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Rachel Paulose still drawing a U.S. Govt. paycheck

Rachel Paulose, whose brief, stormy tenure as U.S. attorney for Minnesota ended in late 2007, is still working for the U.S. government, now with the Miami office of the Securities and Exchange Commission.

This news comes via the excellent Joe Palazzolo of Main Justice, which bird-dogs the Department of Justice.

Palazzolo has not been able to get Paulose to return a call, nor to learn how long she has held the job nor how she got it. (This is not too surprising to your humble ink-stained wretch, since I wrote extensively about her Minnesota U.S. Attorney tenure and never got her to return a call. She left Minnesota for a job at Main Justice during 2008, although my calls to Washington to ascertain what she was doing for DOJ were likewise unreturned.)

But Paulose is the lead trial attorney for the Miami SEC and has been making court appearances and filing papers, Palazzolo reports.

For those who didn't follow the afore-mentioned stormy tenure, Paulose was appointed U.S. attorney by the Alberto Gonzales administration that was famously pushing "loyal Bushies" in these jobs as top federal law endorcement officers. Paulose alienated her staff and ended up under investigation for sloppy handling of national security documents and for alleged acts of discrimination. The federal Office of Special Counsel did ultimately conclude that Paulose had engaged in improper acts of retaliation against her top deputy.

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Comments (5)

OK. And this is news because...? Is your position that she is unfit to hold any job? Or just a government job?

She may have been too young, not a good manager, or in over her head. Or she could have been a victim of disloyal and petty staff. But why should her presumed shortcomings as U.S. Attorney disqualify her for what appears to be a civil service position? If we kick her out of her new job, wouldn't that be a political firing?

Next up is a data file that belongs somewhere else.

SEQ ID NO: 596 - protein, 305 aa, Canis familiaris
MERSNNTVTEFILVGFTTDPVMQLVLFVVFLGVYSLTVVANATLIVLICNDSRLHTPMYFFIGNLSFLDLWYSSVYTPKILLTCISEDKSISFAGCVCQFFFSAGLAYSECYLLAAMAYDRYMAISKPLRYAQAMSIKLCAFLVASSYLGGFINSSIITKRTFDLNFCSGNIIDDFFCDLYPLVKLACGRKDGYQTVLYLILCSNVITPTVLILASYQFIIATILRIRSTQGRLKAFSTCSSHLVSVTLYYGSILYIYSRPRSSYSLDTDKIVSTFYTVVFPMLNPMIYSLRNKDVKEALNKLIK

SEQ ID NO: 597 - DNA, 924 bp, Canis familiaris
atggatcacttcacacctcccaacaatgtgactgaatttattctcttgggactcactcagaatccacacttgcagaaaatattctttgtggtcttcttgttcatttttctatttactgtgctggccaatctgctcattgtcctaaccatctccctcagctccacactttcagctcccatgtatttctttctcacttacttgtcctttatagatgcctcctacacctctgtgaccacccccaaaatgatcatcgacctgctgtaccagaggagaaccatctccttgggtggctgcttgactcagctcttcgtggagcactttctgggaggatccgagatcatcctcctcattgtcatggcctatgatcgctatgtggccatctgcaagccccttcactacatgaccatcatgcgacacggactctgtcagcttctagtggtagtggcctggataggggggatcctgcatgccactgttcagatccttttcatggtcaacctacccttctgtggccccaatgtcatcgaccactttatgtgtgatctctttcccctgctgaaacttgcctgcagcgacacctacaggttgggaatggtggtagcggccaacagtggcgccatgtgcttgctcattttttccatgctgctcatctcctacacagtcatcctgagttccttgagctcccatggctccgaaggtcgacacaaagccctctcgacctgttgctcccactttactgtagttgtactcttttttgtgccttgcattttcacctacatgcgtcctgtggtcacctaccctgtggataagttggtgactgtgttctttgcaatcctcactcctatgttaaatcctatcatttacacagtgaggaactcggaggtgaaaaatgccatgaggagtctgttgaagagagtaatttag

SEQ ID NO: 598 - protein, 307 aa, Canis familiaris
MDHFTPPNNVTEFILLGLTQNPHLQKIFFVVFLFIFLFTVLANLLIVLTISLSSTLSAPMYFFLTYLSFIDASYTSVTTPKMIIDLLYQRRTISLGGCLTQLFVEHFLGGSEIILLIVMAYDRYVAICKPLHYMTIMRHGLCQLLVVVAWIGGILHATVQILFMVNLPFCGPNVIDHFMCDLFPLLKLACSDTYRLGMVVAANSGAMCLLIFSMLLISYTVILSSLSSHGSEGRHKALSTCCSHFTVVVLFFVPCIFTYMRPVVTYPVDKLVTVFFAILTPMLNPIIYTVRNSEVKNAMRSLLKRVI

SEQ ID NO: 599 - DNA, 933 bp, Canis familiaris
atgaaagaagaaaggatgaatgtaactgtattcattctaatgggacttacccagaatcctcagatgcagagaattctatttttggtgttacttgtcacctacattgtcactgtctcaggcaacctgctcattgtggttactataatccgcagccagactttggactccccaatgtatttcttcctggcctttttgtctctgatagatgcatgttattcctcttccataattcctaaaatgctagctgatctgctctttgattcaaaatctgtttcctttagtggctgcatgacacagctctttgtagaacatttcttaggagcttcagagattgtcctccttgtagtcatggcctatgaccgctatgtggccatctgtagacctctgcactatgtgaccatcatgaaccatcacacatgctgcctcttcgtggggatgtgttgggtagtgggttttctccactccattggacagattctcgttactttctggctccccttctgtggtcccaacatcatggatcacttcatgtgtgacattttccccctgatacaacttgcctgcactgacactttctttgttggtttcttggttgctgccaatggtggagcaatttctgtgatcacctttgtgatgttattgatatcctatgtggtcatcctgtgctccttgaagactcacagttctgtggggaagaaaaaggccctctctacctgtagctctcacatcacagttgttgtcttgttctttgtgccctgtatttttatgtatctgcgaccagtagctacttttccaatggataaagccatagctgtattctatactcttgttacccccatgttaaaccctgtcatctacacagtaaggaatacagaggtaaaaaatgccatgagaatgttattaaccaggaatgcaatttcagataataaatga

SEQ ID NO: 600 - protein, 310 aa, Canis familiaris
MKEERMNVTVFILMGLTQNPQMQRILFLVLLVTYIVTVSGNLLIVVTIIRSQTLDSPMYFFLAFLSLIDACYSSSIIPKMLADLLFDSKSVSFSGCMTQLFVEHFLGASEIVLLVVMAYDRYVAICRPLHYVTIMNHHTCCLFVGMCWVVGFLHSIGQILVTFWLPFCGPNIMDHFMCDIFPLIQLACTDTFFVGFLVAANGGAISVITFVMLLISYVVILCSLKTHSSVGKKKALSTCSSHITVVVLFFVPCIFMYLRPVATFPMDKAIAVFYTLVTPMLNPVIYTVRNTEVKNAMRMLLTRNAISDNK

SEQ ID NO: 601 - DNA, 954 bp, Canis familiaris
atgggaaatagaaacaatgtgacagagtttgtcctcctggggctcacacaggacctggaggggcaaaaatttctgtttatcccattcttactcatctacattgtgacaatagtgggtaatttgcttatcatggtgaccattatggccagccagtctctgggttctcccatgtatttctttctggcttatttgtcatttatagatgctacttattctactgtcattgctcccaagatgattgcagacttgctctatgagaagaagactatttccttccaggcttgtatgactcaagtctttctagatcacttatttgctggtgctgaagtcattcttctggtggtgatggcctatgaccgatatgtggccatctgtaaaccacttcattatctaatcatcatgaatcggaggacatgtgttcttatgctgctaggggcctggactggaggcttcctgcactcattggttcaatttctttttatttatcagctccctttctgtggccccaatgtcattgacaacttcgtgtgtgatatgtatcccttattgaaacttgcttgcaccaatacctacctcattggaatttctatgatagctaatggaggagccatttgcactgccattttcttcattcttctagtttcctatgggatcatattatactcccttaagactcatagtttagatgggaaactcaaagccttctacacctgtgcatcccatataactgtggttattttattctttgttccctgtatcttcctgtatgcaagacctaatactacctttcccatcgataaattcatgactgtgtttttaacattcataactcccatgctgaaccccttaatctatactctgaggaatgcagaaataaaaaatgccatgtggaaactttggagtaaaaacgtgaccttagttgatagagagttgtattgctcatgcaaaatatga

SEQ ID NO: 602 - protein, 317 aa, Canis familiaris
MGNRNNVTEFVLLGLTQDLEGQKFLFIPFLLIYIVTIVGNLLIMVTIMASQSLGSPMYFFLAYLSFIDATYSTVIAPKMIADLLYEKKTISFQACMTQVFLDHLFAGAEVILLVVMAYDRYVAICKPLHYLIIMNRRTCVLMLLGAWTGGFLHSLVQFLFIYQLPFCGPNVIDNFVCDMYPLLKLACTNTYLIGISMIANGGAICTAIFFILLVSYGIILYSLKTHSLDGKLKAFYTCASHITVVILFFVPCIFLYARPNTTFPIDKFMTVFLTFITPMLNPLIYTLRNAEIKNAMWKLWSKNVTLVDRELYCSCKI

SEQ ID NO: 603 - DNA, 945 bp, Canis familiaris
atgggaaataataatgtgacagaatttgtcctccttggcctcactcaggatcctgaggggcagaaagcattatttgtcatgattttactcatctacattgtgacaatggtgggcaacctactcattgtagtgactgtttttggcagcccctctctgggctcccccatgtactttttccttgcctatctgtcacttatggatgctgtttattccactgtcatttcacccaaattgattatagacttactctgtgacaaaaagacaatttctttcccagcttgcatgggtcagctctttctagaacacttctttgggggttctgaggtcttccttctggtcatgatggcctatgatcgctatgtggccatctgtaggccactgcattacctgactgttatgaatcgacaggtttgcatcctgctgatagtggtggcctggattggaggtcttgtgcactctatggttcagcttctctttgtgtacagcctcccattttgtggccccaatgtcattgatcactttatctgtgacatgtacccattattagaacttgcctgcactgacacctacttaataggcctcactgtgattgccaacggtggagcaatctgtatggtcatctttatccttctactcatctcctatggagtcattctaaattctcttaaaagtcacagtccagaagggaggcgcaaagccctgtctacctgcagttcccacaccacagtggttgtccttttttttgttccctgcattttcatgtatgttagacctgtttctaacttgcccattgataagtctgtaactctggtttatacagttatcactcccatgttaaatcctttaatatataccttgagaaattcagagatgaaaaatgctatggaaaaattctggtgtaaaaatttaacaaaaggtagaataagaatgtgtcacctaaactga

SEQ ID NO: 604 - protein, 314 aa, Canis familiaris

Someone, perhaps Eric Black (I'm too lazy to search the archives), once wrote about the praise Paulose got from local law enforcement. So maybe the scandal would be if Paulose did NOT have a job.

Everyone deserves the chance to get a new job when they lose their old one. Isn't that what, ahem, Minn Post is about?

"OK. And this is news because...?"

Seems like a "where are they now" story more than anything. I don't see where Mr Black claims Ms Paulose is unfit for employment within the DOJ. If she's winning cases as a prosecutor for the SEC, great.

I'm glad she's "still drawing a ... paycheck."

I realize this may not make the bloodthirsty people who went after her for political reasons happy. They wanted to string her up big time, and probably won't be happy until she's broke, jobless, and cast down to ignominy.

I hope this thread does not suggest EB is one of them.

Um, it would be nice to characterize this as a nice human interest "where are they now?" feature, but the article and headline suggest otherwise. As a blogger, it would be hard for EB to hide behind the age-old newspaper excuse that someone else writes the headlines.

Does the following paragraph sound like a "where are they now" feature?

Palazzolo has not been able to get Paulose to return a call, nor to learn how long she has held the job nor how she got it. (This is not too surprising to your humble ink-stained wretch, since I wrote extensively about her Minnesota U.S. Attorney tenure and never got her to return a call. She left Minnesota for a job at Main Justice during 2008, although my calls to Washington to ascertain what she was doing for DOJ were likewise unreturned.)

@Brian Simon:
I don't think that the SEC is part of the DOJ.

I agree that Eric's post might be a bit snarky, though it seems to be good reportage to seek information about what a person who was deemed inadequate for one government job is doing in another one; i.e., how either she or the job has changed. After all, she is still a government employee, although her current appointment would appear to be less political (and maybe less managerial).

If I were to be really snarky, I'd ask why, as a good conservative (that does not seem to be in question) she did not move to the private sector.